10a. Victimisation/Harassment of Drivers by Owners/Operators.
There are proponents of the view that there was no need for legislation to protect drivers from harassment or victimisation by the owners/operators in the first place. They simply argue that none exists. However, there exists extensive documentation concerning the unfair and unjust harassment of taxi drivers/single cab owners by the taxi networks/companies identified above collectively as the "TaxiCouncil"/Taxi Industry Association (TIA)/Taxi Cooperatives who all have as their titular head a "Mr. Taxi" one Mr. R Kermode.
It is the view of many non-owner drivers (bailees) that attempts to demonstrate this pattern of owner harassment through individual prosecution in the Industrial Courts have been undermined by the complete unwillingness of the Transport Workers Union (TWU) to either follow through court directions to their logical conclusion, or, in the majority of cases, to initiate prosecutions of employers/employing bodies in the first place, even where there are clear and well-documented examples of driver harassment.
As far as single cab owner-operators are concerned, there is also clear evidence that if they complain about anything of substance to their peak body (the TIA) they are regarded as nuisances. There is atleast circumstantial evidence that such single cab owner-operators can be subjected to victimisation by DOT/DIR inspectors. The same fears have been raised in relation to audits from the Taxation Dept.In some cases even the bailee drivers these owners employ are also subject to harassment by the government departmental inspectors. Someo wners have gone as far as to allege that these inspectors operate a sa private police force under the direction of key personnel within the TIA. (There are documented cases of DOT inspections as late as 12 midnight and other examples where a taxi owner in dispute with theTIA faced repeated inspections of his taxi when it was in "tip top"condition).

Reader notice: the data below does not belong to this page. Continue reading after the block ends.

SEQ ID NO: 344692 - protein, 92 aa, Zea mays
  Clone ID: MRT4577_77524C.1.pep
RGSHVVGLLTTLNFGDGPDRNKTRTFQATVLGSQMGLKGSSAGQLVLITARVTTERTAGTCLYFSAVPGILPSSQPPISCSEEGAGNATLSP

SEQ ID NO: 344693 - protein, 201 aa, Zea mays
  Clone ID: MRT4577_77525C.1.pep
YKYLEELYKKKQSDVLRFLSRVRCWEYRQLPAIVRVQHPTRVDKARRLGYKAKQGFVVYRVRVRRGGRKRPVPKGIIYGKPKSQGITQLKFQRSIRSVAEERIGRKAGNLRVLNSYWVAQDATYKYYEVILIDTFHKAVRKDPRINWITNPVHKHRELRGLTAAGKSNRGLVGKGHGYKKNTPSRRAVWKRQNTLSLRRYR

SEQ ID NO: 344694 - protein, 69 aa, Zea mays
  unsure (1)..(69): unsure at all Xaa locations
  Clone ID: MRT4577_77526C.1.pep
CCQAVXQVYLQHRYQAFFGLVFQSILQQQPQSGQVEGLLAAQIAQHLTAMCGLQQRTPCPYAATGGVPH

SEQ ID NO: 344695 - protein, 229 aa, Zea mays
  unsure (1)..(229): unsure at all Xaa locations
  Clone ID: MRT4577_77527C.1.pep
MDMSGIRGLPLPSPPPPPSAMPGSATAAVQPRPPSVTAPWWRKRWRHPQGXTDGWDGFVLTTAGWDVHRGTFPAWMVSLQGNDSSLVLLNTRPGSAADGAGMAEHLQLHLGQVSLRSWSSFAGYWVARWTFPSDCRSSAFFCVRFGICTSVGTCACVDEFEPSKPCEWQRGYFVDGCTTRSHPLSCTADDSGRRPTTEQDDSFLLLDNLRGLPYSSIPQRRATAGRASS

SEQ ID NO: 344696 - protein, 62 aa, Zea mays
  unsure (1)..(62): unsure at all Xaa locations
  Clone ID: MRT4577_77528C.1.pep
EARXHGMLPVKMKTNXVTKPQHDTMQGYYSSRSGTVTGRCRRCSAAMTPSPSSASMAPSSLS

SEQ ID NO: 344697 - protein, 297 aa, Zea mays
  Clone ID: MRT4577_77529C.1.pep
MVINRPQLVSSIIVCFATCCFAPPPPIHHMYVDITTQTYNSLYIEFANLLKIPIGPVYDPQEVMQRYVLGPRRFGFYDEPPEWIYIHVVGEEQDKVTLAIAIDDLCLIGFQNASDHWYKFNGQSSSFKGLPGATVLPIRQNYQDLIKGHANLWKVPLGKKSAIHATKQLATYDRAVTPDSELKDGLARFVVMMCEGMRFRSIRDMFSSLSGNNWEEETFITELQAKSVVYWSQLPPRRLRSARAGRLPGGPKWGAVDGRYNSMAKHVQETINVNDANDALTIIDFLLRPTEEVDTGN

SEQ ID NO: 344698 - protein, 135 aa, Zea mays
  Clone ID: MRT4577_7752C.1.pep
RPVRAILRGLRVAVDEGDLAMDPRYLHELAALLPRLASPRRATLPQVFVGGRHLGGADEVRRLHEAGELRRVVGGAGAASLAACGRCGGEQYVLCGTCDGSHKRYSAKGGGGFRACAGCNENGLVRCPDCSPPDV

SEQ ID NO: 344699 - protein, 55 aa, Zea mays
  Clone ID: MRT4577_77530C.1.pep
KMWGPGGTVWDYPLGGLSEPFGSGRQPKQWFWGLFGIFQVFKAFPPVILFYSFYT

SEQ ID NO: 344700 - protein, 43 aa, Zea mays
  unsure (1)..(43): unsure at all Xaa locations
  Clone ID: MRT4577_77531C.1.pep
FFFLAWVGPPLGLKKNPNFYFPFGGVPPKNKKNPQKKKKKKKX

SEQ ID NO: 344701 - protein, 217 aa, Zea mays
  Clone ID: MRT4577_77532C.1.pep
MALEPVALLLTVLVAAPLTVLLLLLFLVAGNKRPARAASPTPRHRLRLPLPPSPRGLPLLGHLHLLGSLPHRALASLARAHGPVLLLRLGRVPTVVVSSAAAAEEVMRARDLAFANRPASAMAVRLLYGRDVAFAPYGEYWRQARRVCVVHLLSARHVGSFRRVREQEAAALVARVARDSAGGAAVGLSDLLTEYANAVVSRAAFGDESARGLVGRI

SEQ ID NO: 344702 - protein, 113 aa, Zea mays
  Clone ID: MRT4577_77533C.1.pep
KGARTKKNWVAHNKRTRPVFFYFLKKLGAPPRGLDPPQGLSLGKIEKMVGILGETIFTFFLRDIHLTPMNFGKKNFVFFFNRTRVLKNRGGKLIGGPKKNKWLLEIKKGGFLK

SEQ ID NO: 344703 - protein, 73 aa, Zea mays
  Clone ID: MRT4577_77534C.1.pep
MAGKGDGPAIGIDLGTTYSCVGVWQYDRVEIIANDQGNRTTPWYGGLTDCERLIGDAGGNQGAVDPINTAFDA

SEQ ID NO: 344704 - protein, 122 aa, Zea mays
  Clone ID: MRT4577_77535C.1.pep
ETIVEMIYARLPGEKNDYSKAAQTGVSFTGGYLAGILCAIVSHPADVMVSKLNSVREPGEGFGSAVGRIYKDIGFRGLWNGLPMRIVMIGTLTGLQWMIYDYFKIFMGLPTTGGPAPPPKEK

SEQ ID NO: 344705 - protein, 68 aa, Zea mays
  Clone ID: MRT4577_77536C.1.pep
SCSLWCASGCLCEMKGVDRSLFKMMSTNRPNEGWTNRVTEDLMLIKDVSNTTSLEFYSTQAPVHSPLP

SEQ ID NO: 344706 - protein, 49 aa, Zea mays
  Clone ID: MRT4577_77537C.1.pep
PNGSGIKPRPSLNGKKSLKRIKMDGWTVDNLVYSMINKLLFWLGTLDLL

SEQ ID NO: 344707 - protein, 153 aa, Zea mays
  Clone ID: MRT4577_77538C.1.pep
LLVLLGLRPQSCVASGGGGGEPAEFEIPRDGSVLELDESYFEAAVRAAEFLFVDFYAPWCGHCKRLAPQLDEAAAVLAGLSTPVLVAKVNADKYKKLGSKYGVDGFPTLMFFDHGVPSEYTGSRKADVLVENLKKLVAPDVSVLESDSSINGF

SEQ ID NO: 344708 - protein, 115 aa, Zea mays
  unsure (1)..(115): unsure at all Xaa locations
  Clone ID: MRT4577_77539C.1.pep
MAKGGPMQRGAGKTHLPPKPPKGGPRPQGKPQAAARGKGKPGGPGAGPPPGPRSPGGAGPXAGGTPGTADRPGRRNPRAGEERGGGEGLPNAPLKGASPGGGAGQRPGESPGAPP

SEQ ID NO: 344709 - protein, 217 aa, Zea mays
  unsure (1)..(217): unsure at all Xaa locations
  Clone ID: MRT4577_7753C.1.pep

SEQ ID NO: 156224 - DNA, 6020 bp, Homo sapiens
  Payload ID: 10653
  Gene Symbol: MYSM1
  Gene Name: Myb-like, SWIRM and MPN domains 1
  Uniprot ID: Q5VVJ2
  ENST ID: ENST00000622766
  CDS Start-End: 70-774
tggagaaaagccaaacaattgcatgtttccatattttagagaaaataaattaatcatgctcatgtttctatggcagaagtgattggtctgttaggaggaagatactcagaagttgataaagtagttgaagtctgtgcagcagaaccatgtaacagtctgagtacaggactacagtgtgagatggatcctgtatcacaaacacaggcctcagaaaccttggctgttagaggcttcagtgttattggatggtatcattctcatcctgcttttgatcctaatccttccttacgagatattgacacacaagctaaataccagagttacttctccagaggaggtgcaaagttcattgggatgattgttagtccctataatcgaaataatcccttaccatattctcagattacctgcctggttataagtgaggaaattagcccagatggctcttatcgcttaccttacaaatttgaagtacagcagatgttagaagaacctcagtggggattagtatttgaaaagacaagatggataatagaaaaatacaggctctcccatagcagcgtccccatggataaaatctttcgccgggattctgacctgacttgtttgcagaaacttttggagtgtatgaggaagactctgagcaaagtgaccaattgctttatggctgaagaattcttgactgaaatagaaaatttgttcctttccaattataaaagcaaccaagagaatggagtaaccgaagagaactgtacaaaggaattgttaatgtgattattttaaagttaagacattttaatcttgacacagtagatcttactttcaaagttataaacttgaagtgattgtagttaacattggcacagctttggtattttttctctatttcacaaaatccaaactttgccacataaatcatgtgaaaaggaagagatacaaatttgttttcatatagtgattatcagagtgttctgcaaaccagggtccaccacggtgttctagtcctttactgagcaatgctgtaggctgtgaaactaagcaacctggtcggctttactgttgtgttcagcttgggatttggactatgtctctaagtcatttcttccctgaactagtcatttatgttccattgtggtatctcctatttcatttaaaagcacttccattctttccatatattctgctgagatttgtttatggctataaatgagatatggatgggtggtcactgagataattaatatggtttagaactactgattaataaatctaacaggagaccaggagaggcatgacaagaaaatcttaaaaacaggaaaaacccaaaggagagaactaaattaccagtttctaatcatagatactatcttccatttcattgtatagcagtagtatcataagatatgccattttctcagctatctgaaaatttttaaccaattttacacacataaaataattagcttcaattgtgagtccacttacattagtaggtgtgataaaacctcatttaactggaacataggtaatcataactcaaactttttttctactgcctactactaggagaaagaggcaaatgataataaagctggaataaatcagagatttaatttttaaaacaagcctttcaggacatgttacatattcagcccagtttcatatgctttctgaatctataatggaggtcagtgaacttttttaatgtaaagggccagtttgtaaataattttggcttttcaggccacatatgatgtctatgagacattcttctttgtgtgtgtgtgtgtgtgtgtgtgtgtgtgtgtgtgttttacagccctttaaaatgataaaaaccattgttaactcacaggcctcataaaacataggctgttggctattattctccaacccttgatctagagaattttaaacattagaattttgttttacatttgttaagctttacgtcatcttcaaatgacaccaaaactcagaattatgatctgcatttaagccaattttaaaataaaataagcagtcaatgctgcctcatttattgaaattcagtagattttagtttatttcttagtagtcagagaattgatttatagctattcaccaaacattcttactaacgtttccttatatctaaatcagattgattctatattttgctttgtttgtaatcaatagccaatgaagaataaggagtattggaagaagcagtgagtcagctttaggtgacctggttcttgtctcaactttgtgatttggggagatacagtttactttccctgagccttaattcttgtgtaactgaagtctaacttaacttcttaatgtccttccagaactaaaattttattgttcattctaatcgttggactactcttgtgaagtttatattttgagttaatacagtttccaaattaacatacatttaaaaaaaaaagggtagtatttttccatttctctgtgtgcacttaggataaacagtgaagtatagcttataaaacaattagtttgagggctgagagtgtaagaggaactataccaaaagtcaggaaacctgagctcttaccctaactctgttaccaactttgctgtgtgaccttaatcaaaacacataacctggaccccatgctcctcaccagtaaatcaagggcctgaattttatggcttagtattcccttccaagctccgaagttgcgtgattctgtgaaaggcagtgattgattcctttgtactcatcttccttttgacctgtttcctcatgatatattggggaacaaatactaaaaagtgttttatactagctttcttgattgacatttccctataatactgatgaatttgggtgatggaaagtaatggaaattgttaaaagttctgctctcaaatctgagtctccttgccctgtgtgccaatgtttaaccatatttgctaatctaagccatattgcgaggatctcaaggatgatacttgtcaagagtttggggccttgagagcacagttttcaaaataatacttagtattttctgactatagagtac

This alleged misuse of enforcement personnel from the public sector must surely be a matter of concern to any ICAC inquiry? At the very least ICAC must inquire as to whether public officials are impartially enforcing the law to one and all within the industry. At a minimum, it must be established why those owners most closely associated with the TIA appear forever immune from prosecution for what are clearly flagrant breaches of all the relevant legislation. Without a full inquiry into these aspects of the industry public confidence will never be regained, aggrieved drivers and owners willi nevitably continue to inform the travelling public of their fears and misgivings. This inevitably saps confidence in the entire industry.
Source: Sydney Taxi Corruption